He had gathered several armfuls of thin firewood and had thrown it all in front of the mouth of the tent. You can by all means light a fire , he said. There is not much vegetation anyway, so there is no danger. Be careful, though, if the wind gather the strength, as you say. He looked upward at the sky which still was pale blue. It is going to be colder, he said.

The dust he whirled up as he left followed the car for several kilometres in a continually increasing tail and remained on the horizon long after the car had disappeared. I turned to my wife and held her. She let me hold her. Then we begun to look around, as if for the first time.

Everything was completely quiet, as if the thin air forbade the sound to breathe. The sound of what, I thought. I escaped from the illusion. We heard our own steps on the hard soil, sometimes sand, sometimes scattered tufts of hardy grass. A couple of kilometres back, we had seen llamas graze, so there had to be arable land a few places. Of course, I thought, just look at the ruins of the clay houses. How else would people survive here? People need grass.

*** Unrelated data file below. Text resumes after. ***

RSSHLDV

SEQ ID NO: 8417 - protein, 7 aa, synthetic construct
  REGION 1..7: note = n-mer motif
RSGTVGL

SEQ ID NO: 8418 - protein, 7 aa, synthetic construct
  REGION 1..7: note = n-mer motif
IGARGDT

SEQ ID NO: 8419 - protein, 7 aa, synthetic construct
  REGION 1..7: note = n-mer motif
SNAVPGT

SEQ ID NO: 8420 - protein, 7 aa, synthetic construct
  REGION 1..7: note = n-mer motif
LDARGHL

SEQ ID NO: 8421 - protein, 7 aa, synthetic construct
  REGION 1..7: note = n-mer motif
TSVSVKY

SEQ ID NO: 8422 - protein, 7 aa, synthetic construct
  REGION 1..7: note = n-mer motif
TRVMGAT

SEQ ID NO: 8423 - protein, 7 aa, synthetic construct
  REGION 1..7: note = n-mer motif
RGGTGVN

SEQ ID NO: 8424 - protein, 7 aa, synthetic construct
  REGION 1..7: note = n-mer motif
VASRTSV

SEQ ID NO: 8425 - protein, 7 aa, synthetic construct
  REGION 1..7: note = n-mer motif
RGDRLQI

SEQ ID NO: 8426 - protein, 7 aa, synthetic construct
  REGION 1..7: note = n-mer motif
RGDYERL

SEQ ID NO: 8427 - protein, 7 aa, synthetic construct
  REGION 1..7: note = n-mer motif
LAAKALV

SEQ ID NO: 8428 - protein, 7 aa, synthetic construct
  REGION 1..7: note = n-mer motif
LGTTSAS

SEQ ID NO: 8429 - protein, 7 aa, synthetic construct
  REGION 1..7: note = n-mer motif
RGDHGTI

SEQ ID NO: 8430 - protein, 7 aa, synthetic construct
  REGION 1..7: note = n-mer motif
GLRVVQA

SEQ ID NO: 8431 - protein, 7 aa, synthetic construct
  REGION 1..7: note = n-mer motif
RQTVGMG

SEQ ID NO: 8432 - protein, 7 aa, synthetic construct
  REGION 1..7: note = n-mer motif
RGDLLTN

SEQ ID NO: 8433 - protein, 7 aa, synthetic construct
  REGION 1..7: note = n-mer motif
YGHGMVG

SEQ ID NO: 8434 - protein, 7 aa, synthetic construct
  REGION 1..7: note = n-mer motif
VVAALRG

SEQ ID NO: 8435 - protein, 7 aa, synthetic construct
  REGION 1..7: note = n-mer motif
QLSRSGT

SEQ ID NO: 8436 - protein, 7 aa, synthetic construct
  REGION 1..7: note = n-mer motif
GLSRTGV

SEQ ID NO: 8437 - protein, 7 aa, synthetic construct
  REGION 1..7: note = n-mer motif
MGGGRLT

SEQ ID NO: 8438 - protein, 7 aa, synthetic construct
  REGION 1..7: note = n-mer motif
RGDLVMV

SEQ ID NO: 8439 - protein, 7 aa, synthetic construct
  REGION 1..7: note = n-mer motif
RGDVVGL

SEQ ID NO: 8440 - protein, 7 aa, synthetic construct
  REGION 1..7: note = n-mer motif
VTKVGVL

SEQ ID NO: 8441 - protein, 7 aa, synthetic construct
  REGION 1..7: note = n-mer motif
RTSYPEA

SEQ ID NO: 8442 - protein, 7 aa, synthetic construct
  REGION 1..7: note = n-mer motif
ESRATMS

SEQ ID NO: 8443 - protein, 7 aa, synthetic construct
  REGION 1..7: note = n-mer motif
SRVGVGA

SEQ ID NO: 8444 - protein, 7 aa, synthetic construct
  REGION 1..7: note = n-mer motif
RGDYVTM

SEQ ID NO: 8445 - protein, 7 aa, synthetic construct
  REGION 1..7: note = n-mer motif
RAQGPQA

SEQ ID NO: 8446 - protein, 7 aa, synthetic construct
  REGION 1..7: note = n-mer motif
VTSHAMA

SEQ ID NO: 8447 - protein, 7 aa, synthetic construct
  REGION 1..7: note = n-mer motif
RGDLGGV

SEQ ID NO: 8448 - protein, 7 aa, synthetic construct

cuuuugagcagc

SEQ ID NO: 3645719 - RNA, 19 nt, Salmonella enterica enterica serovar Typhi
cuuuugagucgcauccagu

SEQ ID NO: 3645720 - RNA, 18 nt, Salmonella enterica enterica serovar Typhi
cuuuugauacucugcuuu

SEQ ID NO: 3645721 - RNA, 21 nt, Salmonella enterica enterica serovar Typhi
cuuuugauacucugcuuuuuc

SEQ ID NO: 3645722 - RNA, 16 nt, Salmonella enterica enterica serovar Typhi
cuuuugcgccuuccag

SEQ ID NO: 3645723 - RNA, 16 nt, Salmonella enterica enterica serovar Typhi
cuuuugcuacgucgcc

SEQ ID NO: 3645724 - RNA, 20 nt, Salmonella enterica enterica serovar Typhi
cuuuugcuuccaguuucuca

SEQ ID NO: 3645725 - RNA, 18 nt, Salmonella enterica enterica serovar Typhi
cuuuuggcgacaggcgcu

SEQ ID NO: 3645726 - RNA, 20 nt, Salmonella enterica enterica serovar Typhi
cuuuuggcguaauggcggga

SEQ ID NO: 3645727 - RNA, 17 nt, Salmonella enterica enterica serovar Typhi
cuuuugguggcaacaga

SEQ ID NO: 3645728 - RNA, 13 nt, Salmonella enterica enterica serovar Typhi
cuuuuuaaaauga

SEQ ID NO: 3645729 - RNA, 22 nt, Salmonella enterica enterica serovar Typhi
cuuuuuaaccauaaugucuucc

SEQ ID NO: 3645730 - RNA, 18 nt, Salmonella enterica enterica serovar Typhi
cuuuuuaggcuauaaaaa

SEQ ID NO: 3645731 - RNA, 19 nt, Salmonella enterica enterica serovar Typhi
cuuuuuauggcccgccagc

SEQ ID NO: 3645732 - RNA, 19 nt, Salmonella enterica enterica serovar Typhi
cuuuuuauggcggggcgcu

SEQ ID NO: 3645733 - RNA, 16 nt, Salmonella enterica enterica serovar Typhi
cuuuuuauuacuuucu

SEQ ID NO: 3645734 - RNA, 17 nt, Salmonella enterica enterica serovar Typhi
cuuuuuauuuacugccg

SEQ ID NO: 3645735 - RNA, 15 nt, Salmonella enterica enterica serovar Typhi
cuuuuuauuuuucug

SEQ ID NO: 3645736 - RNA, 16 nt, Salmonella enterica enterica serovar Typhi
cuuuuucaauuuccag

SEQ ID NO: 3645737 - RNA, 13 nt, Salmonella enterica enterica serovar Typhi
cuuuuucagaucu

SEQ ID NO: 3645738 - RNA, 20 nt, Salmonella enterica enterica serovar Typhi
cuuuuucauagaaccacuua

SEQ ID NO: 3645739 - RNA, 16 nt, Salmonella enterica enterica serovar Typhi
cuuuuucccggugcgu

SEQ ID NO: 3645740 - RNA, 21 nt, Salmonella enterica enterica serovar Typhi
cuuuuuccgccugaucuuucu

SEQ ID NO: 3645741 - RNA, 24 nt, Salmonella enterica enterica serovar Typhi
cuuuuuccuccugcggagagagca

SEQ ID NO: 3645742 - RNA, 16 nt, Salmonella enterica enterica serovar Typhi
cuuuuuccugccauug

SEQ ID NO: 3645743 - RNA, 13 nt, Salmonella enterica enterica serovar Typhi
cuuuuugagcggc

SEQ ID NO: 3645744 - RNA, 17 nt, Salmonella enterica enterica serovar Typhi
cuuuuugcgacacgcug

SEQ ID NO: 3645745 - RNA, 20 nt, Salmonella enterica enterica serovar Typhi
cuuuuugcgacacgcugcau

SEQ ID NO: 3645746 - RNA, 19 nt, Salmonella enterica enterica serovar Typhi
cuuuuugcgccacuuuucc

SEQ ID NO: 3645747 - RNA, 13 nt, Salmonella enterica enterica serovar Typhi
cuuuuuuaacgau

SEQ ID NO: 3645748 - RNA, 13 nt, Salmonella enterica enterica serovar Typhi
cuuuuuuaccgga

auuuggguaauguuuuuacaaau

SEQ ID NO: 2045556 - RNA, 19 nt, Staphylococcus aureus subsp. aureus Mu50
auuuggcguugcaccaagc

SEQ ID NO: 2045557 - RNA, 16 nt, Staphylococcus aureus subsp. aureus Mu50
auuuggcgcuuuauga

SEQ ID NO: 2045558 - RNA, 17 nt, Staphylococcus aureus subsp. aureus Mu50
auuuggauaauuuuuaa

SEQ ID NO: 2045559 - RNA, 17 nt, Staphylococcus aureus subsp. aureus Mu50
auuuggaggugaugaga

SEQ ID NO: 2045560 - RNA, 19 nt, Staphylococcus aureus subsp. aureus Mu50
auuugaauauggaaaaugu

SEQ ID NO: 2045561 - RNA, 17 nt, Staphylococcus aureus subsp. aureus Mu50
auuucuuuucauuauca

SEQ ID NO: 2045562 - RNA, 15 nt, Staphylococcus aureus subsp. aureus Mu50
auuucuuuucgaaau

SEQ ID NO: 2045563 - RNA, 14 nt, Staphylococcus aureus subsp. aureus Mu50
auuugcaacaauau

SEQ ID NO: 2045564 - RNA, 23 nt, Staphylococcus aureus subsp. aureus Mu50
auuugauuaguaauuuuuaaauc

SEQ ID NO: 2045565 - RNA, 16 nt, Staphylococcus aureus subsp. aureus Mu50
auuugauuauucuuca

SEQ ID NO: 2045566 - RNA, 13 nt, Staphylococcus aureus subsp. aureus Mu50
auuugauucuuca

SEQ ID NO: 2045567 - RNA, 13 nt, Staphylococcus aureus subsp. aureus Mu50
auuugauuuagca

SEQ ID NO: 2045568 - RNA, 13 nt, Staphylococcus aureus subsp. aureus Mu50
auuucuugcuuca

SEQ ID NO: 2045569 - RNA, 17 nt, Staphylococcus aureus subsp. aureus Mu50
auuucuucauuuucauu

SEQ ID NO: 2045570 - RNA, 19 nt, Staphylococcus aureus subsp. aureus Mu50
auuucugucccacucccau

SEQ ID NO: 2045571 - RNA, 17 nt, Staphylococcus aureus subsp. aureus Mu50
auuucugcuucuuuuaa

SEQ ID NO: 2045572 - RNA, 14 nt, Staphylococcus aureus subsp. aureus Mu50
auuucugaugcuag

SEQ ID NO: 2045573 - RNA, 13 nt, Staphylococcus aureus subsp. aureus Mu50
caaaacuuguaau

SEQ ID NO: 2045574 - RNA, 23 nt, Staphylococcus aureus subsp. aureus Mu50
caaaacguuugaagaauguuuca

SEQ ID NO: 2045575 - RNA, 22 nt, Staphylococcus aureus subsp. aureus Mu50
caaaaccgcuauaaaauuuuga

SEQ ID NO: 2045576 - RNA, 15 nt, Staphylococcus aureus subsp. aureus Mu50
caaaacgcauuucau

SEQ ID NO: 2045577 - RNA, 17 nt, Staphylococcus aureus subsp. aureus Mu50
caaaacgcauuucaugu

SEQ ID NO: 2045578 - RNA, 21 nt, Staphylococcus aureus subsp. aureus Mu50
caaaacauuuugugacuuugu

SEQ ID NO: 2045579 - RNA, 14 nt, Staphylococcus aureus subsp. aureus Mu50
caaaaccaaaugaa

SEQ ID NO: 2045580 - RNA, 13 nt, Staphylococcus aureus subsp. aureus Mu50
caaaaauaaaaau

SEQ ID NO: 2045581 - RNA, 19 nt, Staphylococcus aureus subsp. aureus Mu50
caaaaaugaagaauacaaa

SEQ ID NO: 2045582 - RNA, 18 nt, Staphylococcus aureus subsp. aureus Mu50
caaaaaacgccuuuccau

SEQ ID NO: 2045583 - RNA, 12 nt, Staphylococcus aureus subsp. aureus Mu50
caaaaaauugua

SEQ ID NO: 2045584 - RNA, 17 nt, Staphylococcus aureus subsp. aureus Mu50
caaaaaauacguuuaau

It is not clay, had the guide said when I had pretended to be familiar with the local building techniques, but excrements. That was their way, how it was done before.
Do they still build in this way?, my wife had asked.

Those who still live here, yes they do it in the same way. Not many of them are left now. Things haven’t changed. Just fewer of them. Fewer people, less life. He held his hands open towards us, half in resignation, half to include us. This is our land, he said. What we have left. Less life, fewer people. Many gods. Maybe the gods have also moved to the city. At this point I began to fear neither my Spanish nor his English was up to the task, so I released him from the conversation.